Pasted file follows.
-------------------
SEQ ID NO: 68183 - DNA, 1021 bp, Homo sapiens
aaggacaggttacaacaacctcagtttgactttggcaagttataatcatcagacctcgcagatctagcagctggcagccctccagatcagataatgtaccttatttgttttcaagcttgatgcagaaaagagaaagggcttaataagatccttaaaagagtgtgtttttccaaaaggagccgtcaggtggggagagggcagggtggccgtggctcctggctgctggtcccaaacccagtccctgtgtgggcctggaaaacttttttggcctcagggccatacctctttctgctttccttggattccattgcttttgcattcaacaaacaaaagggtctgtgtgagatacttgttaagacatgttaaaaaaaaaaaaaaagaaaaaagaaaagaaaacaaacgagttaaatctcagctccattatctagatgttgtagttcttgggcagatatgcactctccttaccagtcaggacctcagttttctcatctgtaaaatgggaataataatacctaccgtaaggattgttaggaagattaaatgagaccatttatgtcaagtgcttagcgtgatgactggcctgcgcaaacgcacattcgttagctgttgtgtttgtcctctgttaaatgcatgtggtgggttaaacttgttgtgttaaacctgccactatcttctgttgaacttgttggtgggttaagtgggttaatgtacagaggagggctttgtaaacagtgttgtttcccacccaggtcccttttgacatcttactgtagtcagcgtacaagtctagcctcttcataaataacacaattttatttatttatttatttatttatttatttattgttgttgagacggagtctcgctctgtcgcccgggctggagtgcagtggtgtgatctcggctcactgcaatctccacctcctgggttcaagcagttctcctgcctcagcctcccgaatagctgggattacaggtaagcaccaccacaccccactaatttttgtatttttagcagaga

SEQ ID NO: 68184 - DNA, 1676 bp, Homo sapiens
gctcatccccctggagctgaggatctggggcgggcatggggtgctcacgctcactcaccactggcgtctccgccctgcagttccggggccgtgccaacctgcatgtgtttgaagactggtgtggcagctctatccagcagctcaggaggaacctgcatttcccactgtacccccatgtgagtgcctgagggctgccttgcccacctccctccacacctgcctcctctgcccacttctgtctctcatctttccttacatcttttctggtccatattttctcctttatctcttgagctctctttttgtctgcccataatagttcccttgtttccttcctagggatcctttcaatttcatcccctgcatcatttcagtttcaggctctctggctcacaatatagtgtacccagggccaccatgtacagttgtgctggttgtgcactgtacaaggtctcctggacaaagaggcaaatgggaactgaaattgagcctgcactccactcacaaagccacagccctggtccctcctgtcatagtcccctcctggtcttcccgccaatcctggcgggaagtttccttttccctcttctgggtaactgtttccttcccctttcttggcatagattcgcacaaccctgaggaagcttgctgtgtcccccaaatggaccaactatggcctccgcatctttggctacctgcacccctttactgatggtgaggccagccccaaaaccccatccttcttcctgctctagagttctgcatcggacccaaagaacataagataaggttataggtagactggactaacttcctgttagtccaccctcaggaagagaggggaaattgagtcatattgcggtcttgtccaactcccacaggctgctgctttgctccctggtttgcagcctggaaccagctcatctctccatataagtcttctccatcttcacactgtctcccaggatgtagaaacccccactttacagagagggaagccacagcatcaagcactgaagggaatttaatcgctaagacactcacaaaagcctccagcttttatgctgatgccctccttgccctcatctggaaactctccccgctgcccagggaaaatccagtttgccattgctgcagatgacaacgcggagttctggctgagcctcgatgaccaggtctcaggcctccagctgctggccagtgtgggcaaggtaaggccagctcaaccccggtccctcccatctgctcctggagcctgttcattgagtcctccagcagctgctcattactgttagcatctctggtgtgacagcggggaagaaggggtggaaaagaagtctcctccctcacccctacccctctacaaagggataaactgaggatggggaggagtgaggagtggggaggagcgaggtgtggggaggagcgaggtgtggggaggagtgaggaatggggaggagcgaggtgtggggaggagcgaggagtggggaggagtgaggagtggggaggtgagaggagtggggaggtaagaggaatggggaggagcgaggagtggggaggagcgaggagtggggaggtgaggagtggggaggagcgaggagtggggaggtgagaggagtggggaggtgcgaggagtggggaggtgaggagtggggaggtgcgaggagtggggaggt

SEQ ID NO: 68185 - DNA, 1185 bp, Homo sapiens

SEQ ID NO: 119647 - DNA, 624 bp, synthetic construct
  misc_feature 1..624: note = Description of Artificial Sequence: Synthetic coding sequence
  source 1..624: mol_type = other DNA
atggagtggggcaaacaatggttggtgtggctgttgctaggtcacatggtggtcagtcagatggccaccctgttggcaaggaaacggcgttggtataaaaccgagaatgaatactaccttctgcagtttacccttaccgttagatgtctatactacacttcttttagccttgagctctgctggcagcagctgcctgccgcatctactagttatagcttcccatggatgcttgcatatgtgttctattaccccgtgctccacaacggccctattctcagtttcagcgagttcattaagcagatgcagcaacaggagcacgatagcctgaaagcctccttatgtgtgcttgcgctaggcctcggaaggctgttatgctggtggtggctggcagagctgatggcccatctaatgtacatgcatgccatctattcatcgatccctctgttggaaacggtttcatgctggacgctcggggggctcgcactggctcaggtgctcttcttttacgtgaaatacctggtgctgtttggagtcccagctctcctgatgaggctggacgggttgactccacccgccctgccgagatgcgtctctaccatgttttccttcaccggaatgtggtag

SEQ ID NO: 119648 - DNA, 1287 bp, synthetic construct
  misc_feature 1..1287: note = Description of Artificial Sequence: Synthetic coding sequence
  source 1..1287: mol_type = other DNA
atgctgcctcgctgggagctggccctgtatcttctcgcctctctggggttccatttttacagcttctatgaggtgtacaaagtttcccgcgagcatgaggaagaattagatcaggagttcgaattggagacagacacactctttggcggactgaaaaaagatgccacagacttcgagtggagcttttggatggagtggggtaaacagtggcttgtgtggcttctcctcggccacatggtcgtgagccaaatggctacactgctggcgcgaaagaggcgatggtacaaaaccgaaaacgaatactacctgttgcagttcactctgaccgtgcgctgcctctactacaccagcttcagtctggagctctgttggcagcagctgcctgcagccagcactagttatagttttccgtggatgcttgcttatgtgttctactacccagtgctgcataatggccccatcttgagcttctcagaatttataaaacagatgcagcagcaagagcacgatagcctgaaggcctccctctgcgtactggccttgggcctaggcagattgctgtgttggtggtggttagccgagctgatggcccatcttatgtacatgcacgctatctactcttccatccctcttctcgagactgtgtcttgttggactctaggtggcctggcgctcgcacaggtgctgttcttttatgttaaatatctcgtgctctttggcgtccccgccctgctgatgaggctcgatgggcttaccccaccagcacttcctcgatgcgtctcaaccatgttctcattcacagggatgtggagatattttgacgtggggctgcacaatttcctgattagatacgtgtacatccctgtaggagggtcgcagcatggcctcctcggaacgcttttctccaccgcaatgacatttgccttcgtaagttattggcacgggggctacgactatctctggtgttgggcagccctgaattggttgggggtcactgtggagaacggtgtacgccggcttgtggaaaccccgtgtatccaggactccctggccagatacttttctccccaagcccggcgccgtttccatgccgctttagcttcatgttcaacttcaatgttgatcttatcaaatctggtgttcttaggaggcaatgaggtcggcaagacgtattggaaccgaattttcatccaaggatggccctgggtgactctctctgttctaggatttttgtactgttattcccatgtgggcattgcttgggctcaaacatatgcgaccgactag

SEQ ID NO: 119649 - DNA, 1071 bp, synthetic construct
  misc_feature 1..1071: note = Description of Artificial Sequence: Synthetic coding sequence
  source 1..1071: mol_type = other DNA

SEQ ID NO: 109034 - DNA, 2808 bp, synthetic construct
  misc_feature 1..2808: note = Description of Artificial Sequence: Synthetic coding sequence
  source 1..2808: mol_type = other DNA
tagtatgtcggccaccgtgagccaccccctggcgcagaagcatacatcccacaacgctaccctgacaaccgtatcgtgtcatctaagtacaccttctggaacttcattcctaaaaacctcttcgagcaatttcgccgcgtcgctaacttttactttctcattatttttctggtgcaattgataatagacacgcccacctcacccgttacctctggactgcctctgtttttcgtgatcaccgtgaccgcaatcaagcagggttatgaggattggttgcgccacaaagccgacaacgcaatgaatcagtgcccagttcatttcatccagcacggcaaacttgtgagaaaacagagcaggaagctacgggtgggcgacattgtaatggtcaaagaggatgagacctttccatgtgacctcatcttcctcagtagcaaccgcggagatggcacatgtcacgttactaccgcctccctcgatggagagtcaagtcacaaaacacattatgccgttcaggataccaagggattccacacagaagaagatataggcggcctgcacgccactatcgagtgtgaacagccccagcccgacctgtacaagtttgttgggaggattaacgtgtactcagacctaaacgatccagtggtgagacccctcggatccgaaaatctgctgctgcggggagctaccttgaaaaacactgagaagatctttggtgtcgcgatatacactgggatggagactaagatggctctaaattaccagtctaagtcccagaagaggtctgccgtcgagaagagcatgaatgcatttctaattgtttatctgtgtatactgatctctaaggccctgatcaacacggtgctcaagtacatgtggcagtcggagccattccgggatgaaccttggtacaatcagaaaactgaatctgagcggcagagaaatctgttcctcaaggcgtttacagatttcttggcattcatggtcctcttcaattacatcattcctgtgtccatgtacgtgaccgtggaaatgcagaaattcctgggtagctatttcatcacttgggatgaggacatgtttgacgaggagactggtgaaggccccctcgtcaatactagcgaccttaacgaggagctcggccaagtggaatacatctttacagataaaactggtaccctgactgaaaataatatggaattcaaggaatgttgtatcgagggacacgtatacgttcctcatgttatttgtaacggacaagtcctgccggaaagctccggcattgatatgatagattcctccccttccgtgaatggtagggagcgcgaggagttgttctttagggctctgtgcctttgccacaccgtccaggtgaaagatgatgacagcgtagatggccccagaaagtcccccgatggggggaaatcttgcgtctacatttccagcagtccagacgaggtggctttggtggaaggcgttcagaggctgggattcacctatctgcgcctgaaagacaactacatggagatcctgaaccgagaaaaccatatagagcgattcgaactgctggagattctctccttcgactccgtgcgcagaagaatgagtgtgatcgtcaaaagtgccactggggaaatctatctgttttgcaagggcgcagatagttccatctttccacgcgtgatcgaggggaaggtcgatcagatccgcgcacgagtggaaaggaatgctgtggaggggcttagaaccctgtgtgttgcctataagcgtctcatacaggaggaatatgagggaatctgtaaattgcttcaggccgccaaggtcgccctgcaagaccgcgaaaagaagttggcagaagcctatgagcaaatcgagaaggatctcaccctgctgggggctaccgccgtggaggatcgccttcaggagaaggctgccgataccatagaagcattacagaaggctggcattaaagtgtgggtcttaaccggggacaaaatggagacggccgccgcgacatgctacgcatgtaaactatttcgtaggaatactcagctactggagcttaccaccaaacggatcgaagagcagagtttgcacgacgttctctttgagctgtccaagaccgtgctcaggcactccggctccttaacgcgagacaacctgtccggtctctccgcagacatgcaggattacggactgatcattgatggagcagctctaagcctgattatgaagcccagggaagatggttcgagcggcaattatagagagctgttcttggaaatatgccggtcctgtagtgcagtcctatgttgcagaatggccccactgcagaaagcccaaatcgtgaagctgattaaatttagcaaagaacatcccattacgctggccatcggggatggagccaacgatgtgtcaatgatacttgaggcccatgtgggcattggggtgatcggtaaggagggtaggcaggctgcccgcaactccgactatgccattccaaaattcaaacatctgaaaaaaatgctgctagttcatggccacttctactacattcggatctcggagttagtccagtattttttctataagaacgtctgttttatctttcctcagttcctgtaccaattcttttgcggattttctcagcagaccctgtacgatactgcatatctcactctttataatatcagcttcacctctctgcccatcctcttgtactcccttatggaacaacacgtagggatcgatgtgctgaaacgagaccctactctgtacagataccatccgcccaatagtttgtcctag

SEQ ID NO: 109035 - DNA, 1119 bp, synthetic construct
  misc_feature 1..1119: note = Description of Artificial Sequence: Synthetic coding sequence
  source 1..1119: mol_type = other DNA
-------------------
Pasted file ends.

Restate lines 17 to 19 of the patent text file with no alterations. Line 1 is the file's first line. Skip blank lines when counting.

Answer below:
SEQ ID NO: 109034 - DNA, 2808 bp, synthetic construct
  misc_feature 1..2808: note = Description of Artificial Sequence: Synthetic coding sequence
  source 1..2808: mol_type = other DNA